Saudi Billionaire to Wall Street: See You Later

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Franco Pagetti / VII for TIME

Saudi billionaire Prince Al-Walid bin Talal bin Abdulaziz al-Saud.

Correction Appended: Sept. 17, 2008

If Wall Street is hoping that Prince Alwaleed bin Talal will ride to the rescue of America's crumbling banks, here's the word from the Saudi billionaire: Thanks, but no thanks. Having bailed out Citicorp on a couple of occasions — most recently by helping in its recapitalization earlier this year — Al-Waleed says he's not in the market for any more U.S. financial sector assets.

I spoke with Alwaleed in Riyadh on Tuesday, as the world reeled from the shock of the Lehman Bros. bankruptcy. In his offices on the 66th floor of the iconic Kingdom Tower, the prince (a nephew of King Abdullah) seems a world away from the tumult in New York City. But a giant TV screen in his office was tuned to CNBC, and he conceded that his personal worth may have taken a hit with the stocks slide, though he stressed that he was doing well with investments closer to home.

Excerpts from the interview:

TIME: Did you see this coming?

Alwaleed: I'm not sure anyone at all saw the depth and magnitude of the problems faced by some financial companies in the U.S. I will quote [Alan] Greenspan in saying that this is a once-in-a-lifetime, or once-in-a-century event. It shows the gravity of the problem over there.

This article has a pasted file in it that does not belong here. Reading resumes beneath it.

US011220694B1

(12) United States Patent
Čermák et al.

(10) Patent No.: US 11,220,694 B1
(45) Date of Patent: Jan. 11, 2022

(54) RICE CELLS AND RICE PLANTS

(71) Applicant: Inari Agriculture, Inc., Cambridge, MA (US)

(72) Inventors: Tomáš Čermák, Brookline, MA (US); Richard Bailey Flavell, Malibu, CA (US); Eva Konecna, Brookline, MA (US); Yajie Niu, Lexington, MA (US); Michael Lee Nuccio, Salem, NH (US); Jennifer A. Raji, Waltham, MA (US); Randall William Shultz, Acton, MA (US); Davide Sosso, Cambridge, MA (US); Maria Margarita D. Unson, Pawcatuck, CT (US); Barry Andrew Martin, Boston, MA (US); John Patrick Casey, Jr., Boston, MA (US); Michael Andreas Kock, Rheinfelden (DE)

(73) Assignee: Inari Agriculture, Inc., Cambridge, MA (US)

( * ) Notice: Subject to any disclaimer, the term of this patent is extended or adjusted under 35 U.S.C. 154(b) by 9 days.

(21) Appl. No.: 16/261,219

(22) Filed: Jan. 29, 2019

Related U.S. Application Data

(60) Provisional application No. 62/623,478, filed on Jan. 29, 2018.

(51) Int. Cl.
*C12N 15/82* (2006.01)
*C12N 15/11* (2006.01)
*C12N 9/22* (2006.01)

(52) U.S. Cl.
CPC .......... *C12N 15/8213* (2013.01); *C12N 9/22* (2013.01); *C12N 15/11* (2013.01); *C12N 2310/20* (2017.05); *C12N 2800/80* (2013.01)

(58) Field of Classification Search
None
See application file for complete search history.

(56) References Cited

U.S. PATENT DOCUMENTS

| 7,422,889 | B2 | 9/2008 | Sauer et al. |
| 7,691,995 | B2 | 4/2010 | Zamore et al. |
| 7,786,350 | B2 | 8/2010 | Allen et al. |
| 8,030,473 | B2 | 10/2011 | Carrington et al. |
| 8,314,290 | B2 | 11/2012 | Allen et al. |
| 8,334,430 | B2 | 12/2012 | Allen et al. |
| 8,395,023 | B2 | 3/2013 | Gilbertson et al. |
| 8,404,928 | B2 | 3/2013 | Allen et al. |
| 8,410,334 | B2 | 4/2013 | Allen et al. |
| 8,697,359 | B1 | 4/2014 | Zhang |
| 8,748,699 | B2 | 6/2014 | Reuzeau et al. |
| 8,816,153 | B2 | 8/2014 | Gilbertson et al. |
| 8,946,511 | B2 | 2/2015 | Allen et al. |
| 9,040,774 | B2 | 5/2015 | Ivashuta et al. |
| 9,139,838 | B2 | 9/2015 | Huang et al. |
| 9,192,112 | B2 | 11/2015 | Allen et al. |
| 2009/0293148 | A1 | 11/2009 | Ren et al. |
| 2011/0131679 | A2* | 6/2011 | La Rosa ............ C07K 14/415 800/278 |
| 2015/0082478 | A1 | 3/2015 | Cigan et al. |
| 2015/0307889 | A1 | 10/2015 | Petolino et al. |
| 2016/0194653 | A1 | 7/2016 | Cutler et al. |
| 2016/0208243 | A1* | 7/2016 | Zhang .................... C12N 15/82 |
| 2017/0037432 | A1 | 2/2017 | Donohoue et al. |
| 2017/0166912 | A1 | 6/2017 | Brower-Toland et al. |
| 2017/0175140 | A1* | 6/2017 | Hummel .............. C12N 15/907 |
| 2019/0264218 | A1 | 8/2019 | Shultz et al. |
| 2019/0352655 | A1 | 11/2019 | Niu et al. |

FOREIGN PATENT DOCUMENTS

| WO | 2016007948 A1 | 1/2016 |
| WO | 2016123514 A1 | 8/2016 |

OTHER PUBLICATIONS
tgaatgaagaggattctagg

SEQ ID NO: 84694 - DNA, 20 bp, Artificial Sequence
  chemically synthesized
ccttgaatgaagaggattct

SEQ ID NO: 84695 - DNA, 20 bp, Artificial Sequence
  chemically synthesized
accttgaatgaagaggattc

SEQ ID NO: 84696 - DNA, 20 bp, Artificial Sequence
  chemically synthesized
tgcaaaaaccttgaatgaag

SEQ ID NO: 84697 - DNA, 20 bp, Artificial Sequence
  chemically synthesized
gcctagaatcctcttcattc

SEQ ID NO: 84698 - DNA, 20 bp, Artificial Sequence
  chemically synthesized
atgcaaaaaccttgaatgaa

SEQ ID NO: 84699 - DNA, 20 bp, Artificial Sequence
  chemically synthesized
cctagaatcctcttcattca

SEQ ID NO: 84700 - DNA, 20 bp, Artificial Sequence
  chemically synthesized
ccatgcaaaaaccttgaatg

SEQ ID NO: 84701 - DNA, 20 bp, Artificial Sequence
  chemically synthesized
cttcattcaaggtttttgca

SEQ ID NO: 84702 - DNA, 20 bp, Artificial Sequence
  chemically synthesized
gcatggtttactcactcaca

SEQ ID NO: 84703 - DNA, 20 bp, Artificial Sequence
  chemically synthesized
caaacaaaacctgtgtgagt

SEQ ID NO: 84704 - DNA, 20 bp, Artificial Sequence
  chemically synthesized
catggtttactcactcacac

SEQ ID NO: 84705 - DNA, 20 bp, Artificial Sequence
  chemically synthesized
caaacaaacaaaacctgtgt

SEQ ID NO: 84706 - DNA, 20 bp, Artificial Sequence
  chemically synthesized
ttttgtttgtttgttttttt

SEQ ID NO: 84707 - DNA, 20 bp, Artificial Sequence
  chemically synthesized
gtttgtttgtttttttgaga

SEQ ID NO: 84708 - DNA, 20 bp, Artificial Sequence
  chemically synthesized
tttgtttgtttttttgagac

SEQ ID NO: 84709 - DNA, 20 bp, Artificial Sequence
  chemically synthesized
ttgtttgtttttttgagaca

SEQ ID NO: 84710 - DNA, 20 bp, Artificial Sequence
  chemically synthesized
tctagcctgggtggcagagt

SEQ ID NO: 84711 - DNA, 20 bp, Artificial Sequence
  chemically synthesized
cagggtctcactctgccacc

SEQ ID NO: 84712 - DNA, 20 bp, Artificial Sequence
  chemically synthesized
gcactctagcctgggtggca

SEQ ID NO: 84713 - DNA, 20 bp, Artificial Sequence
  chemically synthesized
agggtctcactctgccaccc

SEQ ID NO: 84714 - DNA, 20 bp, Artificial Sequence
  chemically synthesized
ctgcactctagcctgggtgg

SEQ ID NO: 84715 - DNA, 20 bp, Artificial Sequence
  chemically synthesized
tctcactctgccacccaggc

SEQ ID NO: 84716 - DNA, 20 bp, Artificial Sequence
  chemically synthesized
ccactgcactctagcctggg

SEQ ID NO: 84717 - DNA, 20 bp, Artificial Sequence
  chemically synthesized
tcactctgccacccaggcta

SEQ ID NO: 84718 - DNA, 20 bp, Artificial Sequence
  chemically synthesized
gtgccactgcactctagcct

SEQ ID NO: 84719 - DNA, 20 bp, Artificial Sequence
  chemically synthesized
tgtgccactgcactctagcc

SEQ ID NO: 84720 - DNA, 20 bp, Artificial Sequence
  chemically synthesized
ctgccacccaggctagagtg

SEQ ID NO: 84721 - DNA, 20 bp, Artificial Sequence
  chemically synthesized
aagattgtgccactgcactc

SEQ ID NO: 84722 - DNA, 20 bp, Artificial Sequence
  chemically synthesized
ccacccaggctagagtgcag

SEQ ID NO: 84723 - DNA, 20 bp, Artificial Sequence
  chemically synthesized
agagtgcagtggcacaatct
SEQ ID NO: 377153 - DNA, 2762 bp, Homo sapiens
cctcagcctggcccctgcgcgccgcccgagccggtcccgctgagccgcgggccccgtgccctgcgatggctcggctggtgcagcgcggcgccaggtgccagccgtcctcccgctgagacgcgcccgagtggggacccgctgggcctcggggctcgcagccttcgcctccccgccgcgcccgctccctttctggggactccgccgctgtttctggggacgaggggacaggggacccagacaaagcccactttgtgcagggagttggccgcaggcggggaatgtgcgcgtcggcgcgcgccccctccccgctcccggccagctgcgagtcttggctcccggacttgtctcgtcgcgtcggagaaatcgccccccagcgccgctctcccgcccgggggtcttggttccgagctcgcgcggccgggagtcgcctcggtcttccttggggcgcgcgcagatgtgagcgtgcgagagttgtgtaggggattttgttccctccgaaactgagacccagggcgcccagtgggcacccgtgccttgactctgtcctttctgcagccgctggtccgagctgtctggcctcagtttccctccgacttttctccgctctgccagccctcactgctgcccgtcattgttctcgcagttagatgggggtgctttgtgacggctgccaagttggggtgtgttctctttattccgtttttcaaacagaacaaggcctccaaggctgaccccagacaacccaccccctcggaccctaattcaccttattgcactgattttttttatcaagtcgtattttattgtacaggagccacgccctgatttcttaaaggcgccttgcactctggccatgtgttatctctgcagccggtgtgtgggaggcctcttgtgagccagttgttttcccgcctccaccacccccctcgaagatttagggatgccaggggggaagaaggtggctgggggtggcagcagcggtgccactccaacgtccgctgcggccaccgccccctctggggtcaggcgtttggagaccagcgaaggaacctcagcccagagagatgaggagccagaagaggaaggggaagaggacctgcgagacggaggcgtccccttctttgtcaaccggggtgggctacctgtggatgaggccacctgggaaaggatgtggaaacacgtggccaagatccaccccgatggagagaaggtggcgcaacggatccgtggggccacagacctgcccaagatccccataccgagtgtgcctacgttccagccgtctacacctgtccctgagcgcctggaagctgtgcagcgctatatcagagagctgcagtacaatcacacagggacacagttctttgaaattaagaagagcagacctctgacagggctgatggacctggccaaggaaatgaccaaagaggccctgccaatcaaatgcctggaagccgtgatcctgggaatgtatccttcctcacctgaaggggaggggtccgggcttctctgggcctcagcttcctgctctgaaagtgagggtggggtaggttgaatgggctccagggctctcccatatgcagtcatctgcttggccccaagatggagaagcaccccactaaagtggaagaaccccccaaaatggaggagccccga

TIME: You were involved with Citi's recapitalization earlier this year. Considering everything that's happened since then, any regrets?

Alwaleed: No. You have to understand that our involvement in the recapitalization of Citi is a long-term thing. It's not a one-, two-, three-year plan. In January 1991, I was the only investor in Citigroup at that time, with around $600 million. The next year, things didn't go well, but over the next decade, things really boomed dramatically. You have to look at the investment in Citi as a long-term thing.

But clearly, the financial sector in the U.S. is facing a huge crisis. When you have two big companies like Bear Stearns and Lehman vanish, and Merrill Lynch being absorbed, that tells you a lot about the difficulties being faced by the financial sector in the U.S.

TIME: Is this the bottom?

Alwaleed: I'm not sure it's the bottom yet. We're trying to get to the bottom. But every time someone says we're at the bottom, things get a bit worse.

See photos of life and commerce in Saudi Arabia here.
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